[¶ 8.] The items discovered in the vehicle had no "indicia of ownership," and could not be linked to a specific occupant. Trooper Oxner confronted the occupants about the drugs that had been found. All the occupants denied ownership. Trooper Oxner informed the five individuals that all of them would be arrested and taken to jail where they would have to submit to a urinalysis. Trooper Oxner informed the occupants that "if the UA's come back with the methamphetamine, it is going to show that they are using." Defendant replied that nothing would show up in his UA except possibly marijuana.

[¶ 9.] In an effort to determine which of the occupants might have recently used a syringe, each occupant was asked to show their arms to the troopers for the purpose of locating track marks or needle marks. Each occupant voluntarily complied with the request. Trooper Mechaley noted what he believed to be fresh track marks on one of the Defendant's arms, as did Trooper Oxner. Trooper Oxner, who had received special training in detecting and identifying drug usage, testified that he "noticed immediately Mr. Mattson had a large, raised, dark purple or bruised track mark on his left arm," "right on the main vein in the elbow." When asked about the marks on his arm, Defendant stated the marks were the result of a spider bite. Trooper Oxner also noticed older track marks on Defendant's right arm. Defendant repeatedly stated he had not used methamphetamine for some time and that his urine would come back negative for methamphetamine. Based on these observations and the drugs seized in the vehicle, Defendant was arrested along with three of the other four occupants of the vehicle. After his arrest, Defendant refused to provide officers with a urine sample.

[¶ 10.] Defendant was charged with the unauthorized possession of a controlled substance under SDCL 22-42-5, and entered a plea of not guilty. On March 16, 2004, a jury trial was held. At the jury trial, the State was allowed to present evidence of Defendant's prior drug use over the objections of defense counsel. Rapid City police officer Keith White testified that on May 21, 2003, almost four months prior to the traffic stop, Defendant informed the officer that he had used methamphetamine the day before and that he used methamphetamine once a week or less. Defendant also stated he was trying to stay away from people who used methamphetamine. Lastly, Defendant gave Neumiller's name as a person from whom he had previously purchased methamphetamine. The results of a urine sample collected from Defendant on May 22, 2003, indicating the presence of methamphetamine in Defendant's system, were also entered into evidence at trial.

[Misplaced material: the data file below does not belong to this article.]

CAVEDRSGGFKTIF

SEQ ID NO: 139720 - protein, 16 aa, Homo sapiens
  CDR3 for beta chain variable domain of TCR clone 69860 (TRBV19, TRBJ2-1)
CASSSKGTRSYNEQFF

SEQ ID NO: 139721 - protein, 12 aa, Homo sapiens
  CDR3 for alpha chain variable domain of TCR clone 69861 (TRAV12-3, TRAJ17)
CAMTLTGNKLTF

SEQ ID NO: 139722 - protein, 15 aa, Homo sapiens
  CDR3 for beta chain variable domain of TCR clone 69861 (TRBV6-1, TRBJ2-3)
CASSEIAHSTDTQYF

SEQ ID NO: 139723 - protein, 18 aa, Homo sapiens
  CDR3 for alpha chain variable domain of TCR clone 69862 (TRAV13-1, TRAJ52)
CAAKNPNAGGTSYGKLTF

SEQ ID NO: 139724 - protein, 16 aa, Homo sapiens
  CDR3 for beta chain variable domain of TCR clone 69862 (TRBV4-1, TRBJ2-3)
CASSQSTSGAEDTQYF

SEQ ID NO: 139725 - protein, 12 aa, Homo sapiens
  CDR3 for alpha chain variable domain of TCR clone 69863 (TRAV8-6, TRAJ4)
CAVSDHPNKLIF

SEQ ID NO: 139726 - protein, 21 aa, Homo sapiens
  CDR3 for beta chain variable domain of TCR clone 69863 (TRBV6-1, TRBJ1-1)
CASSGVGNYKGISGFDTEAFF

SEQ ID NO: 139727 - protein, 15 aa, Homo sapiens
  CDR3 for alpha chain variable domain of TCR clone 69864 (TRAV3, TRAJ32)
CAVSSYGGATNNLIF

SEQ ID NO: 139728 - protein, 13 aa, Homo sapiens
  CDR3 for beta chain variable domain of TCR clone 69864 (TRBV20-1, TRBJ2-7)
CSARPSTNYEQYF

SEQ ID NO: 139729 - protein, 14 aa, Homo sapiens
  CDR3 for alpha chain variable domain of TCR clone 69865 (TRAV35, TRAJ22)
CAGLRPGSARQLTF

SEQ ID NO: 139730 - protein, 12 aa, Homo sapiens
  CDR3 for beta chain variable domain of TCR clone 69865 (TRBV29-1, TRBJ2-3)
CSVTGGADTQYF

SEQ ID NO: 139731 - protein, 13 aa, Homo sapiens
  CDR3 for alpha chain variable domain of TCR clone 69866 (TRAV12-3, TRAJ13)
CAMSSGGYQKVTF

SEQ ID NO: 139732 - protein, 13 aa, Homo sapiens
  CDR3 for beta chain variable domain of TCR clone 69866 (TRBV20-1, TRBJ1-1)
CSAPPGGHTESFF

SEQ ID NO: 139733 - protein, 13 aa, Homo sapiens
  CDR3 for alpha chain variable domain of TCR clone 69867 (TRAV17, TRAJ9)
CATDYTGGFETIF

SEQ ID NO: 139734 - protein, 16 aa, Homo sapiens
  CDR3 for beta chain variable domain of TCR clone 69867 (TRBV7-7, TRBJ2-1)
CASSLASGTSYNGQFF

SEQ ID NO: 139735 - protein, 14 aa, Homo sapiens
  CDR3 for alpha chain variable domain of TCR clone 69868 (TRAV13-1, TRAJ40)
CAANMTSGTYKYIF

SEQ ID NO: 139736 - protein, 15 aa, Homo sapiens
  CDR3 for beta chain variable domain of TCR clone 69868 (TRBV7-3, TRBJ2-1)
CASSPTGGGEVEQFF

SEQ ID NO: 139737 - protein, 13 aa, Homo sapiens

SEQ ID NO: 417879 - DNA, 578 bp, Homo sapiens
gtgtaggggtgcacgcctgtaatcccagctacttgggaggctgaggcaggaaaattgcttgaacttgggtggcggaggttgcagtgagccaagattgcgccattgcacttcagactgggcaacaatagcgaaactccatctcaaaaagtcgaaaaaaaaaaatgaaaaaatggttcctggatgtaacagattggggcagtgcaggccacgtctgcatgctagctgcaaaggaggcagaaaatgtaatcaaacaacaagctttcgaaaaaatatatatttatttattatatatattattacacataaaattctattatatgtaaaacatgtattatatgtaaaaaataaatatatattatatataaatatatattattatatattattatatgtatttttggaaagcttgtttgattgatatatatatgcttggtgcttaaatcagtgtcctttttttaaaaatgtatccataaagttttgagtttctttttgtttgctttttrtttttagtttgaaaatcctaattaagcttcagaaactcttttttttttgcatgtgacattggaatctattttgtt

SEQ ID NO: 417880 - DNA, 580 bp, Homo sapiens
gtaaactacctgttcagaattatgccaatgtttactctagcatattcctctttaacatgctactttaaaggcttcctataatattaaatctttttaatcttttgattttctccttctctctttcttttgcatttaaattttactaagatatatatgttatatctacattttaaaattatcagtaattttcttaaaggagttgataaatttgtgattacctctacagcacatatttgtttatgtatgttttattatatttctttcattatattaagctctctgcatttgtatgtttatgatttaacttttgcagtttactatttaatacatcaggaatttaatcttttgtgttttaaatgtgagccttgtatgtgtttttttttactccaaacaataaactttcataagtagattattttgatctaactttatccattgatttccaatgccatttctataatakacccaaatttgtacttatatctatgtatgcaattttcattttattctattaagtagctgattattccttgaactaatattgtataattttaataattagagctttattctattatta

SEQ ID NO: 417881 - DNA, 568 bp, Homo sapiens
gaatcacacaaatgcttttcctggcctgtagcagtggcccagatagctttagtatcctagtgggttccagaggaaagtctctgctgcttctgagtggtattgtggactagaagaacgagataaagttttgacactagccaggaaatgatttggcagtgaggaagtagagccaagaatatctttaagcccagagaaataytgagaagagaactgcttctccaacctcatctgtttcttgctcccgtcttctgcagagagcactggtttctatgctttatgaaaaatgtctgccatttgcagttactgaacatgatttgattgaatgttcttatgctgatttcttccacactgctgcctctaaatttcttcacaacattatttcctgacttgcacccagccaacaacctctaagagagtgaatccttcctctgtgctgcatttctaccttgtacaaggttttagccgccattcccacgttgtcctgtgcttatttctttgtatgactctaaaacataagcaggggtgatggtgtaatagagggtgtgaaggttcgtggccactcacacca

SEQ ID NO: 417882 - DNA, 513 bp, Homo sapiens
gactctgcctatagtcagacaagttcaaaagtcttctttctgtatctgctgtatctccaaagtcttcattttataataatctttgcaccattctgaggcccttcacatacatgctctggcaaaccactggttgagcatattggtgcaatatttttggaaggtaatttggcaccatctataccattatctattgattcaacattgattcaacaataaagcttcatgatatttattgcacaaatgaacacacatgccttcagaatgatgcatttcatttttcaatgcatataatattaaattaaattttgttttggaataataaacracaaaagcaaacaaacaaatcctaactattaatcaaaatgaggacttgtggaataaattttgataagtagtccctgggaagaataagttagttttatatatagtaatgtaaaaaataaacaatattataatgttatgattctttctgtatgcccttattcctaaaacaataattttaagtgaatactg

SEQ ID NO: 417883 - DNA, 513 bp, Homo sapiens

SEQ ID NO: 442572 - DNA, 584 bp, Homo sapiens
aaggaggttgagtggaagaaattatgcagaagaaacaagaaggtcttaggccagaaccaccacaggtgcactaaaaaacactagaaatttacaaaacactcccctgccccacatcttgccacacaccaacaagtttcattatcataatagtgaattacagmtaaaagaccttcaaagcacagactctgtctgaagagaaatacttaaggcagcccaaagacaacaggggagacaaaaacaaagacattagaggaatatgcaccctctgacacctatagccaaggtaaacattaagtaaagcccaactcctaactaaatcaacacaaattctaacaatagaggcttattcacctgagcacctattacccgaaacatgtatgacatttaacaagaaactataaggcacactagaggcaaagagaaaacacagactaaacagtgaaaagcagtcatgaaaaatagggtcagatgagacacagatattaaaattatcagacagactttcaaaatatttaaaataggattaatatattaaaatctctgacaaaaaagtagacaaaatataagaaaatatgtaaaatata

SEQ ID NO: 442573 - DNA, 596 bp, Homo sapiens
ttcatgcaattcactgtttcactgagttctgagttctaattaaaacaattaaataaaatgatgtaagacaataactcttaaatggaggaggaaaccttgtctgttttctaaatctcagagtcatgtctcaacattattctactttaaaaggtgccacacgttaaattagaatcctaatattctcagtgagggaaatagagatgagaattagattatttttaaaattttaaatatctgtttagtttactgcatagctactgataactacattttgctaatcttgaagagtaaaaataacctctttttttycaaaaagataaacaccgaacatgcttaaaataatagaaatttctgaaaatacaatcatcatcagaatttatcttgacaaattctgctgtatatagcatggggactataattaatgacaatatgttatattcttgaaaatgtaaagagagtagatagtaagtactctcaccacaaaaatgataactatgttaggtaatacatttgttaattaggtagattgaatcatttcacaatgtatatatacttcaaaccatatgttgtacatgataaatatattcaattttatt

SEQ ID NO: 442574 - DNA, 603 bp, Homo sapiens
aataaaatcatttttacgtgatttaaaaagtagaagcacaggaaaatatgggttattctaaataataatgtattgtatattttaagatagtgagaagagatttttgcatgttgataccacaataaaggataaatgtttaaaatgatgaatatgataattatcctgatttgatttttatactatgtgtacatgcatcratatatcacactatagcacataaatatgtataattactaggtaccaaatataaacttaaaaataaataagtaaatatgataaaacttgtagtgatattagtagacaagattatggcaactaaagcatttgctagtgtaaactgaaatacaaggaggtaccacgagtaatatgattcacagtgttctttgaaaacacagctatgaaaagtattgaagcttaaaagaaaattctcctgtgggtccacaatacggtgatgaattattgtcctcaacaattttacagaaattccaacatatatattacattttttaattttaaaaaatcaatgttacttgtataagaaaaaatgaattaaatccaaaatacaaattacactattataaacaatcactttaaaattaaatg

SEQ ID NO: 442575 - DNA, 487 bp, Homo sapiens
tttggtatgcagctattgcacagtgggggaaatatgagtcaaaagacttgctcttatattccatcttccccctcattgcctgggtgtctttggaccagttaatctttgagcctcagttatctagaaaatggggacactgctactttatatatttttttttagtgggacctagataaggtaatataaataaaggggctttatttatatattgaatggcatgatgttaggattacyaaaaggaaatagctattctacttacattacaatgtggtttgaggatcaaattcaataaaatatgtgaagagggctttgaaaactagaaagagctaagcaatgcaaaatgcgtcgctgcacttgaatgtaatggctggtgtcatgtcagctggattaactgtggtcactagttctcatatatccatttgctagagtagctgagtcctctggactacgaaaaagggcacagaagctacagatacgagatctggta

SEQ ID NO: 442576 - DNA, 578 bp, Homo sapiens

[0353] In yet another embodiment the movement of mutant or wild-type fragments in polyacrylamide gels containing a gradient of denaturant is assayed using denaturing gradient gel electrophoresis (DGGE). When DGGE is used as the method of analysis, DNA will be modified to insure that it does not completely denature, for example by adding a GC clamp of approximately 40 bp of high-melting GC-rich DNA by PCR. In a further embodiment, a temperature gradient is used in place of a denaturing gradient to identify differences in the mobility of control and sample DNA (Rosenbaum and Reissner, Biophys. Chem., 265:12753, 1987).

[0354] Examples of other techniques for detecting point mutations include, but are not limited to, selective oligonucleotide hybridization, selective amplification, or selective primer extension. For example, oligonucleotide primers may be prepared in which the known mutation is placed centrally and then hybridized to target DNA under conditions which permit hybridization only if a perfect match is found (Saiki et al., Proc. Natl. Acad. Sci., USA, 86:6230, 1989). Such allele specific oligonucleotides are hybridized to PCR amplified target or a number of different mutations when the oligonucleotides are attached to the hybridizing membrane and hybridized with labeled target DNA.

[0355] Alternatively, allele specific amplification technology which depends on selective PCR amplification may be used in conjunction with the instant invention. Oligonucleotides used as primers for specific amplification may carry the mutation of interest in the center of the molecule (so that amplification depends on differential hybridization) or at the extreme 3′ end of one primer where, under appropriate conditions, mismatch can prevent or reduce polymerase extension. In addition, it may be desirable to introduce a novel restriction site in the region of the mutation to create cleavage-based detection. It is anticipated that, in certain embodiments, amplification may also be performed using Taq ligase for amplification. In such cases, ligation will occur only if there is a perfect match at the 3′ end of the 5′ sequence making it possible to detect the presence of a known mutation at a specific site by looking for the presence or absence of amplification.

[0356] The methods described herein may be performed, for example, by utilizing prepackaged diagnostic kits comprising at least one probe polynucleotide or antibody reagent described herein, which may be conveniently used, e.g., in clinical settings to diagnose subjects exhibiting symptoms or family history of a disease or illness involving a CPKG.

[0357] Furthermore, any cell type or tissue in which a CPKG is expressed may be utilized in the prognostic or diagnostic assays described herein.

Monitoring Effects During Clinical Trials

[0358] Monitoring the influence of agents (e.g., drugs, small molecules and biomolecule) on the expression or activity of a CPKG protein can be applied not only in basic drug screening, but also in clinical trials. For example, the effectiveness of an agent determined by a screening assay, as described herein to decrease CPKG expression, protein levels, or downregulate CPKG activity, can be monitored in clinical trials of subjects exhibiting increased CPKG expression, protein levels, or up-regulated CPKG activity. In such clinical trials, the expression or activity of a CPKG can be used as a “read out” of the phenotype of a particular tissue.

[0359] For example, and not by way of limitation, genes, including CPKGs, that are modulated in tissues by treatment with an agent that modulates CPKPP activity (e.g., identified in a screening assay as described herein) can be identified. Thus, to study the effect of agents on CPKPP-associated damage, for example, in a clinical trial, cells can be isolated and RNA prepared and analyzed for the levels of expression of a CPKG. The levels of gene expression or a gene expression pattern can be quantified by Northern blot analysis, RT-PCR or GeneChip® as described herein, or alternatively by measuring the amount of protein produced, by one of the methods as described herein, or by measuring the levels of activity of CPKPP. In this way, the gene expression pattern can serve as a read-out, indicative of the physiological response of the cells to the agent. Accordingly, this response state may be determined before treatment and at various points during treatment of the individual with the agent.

[¶ 11.] The State offered a jury instruction modeled after the pattern jury instruction for a Driving While Intoxicated suspect who refuses to supply a blood sample for chemical analysis. Defendant objected to the instruction, and was overruled.

[¶ 12.] Defendant was convicted of the charge, and sentenced as a habitual offender to five years in the state penitentiary. Defendant filed this appeal raising the following issues:

1. Whether it was an abuse of the trial court's discretion when it allowed the State to introduce evidence of Defendant's prior use of an illegal drug to establish knowledge, intent and absence of mistake.
2. Whether a Fourth Amendment violation occurs when a vehicle is validly detained for the purpose of issuing a traffic citation, an offsite canine unit is called to the scene, arrives prior to the conclusion of the traffic stop, and initiates but does not conclude the drug dog sniff prior to the conclusion of the traffic stop.
3. Whether the trial court erred when it allowed the State to establish at trial that Defendant refused to provide a urine sample for a drug test following his arrest for possession of a controlled substance.

[¶ 13.] We presume the evidentiary rulings made by a trial court are correct, and review those rulings under an abuse of discretion standard. State v. Goodroad, 1997 SD 46, ¶ 9, 563 N.W.2d 126, 129 (citing State v. Oster, 495 N.W.2d 305, 309 (S.D.1993)). The test for abuse of discretion "is not whether we would have made the same ruling, but whether we believe a judicial mind, in view of the law and the circumstances, could have reasonably reached the same conclusion." Id. (citing State v. Rufener, 392 N.W.2d 424, 426 (S.D.1986)). If error is found, it must be prejudicial in nature before this Court will overturn the trial courts evidentiary ruling. Novak v. McEldowney, 2002 SD 162, ¶ 7, 655 N.W.2d 909, 912 (citing State v. Smith, 1999 SD 83, ¶ 39, 599 N.W.2d 344, 353) (citation omitted). "Error is prejudicial when, in all probability ... it produced some effect upon the final result and affected rights of the party assigning it."...